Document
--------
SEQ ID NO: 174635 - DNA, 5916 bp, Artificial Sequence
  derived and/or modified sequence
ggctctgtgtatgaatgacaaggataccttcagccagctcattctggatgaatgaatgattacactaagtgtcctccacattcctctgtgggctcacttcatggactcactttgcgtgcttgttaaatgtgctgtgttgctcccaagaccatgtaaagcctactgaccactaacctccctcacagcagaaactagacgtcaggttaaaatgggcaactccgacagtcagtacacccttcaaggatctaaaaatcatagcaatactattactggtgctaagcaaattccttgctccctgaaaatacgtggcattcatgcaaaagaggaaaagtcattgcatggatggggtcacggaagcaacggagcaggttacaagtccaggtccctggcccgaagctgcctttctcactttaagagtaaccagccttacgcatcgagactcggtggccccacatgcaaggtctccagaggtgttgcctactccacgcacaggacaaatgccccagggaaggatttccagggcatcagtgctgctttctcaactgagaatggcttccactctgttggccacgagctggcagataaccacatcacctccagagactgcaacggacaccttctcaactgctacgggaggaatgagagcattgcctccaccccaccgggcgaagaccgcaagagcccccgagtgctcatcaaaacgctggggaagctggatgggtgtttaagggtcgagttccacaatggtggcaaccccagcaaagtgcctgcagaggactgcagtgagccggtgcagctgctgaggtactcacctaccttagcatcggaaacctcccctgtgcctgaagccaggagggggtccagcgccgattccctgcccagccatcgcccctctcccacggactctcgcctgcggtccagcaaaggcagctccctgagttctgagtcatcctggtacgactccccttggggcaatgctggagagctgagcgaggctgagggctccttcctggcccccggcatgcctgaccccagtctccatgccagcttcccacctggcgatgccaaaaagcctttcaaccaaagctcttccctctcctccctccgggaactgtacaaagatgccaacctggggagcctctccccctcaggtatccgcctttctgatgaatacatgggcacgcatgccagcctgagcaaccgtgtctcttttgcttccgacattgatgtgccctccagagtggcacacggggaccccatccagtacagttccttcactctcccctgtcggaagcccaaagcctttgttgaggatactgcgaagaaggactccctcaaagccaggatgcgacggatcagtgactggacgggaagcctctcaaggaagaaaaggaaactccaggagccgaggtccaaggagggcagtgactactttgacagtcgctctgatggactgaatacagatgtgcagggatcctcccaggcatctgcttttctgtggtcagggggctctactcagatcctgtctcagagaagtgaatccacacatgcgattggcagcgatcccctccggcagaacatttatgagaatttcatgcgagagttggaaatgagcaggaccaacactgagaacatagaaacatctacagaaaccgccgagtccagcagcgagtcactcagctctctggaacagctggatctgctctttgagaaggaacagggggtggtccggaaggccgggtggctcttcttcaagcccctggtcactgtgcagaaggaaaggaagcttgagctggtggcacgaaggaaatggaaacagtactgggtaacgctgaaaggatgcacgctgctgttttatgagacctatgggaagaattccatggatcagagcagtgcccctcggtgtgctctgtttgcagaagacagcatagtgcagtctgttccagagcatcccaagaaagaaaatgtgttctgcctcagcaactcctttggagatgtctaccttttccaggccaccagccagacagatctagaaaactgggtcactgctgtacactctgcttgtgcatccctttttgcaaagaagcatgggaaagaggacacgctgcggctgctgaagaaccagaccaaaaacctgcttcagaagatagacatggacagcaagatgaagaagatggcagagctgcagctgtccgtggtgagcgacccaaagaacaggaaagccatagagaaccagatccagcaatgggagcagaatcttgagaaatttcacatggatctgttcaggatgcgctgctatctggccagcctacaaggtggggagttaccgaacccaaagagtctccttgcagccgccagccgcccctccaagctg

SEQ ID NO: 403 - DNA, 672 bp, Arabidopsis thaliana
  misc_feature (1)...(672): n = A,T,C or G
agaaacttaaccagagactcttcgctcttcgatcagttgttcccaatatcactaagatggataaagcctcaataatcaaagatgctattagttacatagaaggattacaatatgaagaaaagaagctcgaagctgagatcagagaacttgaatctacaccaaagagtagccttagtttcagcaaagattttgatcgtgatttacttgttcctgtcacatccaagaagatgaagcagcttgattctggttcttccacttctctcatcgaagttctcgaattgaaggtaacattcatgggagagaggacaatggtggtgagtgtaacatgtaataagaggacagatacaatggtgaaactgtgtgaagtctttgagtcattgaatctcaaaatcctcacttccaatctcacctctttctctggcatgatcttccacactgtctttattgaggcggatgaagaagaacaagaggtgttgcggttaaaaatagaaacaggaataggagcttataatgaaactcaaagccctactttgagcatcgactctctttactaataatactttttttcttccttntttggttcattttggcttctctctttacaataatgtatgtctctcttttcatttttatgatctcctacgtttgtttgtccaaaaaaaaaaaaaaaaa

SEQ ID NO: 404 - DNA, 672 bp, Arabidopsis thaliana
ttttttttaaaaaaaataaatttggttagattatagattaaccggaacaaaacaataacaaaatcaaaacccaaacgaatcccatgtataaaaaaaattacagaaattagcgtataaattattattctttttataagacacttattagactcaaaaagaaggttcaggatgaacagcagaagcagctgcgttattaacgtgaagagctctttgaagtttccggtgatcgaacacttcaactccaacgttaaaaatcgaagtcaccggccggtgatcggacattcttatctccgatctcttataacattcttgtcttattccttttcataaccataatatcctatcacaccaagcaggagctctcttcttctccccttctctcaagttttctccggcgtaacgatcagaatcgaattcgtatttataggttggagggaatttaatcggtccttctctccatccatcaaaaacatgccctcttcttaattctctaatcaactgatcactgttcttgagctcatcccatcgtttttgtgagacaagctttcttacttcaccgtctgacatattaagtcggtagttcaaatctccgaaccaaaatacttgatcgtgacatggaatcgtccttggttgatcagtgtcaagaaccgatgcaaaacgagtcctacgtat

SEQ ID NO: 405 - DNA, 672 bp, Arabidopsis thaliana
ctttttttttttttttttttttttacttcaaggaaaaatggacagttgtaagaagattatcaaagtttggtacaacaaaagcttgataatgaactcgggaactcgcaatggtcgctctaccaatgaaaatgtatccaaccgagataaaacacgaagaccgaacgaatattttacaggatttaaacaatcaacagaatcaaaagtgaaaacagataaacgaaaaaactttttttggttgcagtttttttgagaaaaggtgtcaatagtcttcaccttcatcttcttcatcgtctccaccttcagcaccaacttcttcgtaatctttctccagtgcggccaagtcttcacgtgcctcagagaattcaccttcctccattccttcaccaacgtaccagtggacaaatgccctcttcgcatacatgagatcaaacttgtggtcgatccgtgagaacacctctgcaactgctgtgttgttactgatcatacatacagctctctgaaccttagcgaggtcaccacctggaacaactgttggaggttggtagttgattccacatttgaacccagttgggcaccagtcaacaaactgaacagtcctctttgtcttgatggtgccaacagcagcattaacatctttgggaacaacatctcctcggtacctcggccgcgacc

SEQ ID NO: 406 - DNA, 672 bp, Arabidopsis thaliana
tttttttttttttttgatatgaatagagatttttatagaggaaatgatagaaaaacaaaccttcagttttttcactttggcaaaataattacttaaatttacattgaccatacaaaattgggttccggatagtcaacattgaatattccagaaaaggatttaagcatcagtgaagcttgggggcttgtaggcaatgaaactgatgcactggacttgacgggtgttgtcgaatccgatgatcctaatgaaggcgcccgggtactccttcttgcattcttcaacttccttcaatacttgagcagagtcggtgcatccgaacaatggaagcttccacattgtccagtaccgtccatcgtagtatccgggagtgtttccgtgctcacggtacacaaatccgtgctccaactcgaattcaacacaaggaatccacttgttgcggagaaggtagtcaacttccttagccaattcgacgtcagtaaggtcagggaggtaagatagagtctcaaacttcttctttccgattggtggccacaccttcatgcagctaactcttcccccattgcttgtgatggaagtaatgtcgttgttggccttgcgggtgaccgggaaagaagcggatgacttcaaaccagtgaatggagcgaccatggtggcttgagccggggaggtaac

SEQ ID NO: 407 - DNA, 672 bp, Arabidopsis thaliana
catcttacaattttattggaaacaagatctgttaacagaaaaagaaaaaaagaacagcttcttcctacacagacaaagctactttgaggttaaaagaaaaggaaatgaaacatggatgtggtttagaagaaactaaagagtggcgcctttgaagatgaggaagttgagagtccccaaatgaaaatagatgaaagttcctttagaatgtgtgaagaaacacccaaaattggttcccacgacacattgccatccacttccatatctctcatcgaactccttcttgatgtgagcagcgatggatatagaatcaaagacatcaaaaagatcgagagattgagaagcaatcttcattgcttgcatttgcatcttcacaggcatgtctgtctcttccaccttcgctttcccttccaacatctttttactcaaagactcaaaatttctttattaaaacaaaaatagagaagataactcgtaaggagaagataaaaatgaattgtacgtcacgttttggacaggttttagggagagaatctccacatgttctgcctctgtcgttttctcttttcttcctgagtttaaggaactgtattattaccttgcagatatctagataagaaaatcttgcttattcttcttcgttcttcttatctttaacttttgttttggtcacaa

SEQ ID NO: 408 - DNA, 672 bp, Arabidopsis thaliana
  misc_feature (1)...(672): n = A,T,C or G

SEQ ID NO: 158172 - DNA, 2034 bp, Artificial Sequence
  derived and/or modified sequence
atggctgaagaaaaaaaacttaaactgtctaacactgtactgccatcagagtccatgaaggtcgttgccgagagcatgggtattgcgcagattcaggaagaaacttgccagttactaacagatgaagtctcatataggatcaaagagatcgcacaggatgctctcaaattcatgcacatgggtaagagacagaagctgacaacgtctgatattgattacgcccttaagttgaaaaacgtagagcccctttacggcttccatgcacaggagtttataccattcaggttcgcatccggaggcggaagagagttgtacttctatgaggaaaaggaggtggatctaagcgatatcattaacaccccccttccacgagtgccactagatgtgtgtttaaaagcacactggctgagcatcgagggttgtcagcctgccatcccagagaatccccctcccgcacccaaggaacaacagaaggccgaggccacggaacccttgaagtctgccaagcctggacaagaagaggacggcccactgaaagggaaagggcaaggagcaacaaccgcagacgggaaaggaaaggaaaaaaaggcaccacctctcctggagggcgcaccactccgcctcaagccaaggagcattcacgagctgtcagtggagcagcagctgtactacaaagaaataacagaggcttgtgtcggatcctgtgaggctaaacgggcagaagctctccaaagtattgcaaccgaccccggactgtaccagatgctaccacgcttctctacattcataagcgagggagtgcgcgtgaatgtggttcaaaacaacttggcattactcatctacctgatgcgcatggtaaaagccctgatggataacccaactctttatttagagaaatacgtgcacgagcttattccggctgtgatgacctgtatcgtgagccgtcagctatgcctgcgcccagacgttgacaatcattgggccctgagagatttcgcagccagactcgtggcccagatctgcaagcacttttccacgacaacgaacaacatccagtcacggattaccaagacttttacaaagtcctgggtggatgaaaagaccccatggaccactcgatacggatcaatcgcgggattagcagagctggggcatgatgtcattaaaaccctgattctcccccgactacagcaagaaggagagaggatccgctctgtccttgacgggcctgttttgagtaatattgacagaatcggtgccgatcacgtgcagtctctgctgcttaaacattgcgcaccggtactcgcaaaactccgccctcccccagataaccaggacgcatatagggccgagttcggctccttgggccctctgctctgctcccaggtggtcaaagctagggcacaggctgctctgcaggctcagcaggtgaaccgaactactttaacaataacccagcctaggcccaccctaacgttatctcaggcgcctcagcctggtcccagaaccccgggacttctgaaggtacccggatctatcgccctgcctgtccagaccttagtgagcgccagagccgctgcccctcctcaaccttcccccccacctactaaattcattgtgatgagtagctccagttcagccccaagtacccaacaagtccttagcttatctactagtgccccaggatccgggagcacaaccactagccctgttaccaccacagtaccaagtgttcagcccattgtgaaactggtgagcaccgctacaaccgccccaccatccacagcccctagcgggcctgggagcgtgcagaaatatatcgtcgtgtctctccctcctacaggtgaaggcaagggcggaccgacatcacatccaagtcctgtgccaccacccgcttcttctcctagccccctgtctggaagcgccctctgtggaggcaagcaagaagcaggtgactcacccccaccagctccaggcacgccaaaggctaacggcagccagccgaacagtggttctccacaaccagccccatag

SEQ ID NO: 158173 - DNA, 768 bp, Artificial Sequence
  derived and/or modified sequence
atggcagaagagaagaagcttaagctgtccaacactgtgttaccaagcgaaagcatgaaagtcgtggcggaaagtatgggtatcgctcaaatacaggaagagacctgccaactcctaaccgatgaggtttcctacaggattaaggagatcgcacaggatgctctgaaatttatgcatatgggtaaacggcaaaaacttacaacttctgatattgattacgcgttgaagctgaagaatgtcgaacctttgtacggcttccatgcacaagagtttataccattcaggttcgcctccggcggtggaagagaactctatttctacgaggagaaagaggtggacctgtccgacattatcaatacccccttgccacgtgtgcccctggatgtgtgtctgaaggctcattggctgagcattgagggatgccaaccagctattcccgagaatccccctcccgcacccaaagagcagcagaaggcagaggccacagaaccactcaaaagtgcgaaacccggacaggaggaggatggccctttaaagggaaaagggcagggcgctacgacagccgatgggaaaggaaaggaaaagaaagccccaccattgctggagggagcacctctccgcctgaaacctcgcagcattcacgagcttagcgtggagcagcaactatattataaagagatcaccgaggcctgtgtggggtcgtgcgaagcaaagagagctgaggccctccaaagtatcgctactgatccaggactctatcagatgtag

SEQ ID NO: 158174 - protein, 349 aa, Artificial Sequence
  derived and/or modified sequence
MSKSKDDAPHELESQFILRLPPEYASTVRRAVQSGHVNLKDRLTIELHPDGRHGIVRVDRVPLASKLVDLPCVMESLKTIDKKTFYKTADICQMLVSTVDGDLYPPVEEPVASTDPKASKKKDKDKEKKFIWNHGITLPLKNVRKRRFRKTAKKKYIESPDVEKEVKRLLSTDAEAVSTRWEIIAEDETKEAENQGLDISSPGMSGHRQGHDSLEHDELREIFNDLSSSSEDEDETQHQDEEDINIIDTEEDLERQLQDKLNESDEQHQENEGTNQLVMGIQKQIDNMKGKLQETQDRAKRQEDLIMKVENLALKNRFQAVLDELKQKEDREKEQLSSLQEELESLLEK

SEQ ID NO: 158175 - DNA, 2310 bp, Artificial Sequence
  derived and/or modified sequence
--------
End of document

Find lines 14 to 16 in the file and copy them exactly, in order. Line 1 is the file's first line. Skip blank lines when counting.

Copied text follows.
catcttacaattttattggaaacaagatctgttaacagaaaaagaaaaaaagaacagcttcttcctacacagacaaagctactttgaggttaaaagaaaaggaaatgaaacatggatgtggtttagaagaaactaaagagtggcgcctttgaagatgaggaagttgagagtccccaaatgaaaatagatgaaagttcctttagaatgtgtgaagaaacacccaaaattggttcccacgacacattgccatccacttccatatctctcatcgaactccttcttgatgtgagcagcgatggatatagaatcaaagacatcaaaaagatcgagagattgagaagcaatcttcattgcttgcatttgcatcttcacaggcatgtctgtctcttccaccttcgctttcccttccaacatctttttactcaaagactcaaaatttctttattaaaacaaaaatagagaagataactcgtaaggagaagataaaaatgaattgtacgtcacgttttggacaggttttagggagagaatctccacatgttctgcctctgtcgttttctcttttcttcctgagtttaaggaactgtattattaccttgcagatatctagataagaaaatcttgcttattcttcttcgttcttcttatctttaacttttgttttggtcacaa

SEQ ID NO: 408 - DNA, 672 bp, Arabidopsis thaliana
  misc_feature (1)...(672): n = A,T,C or G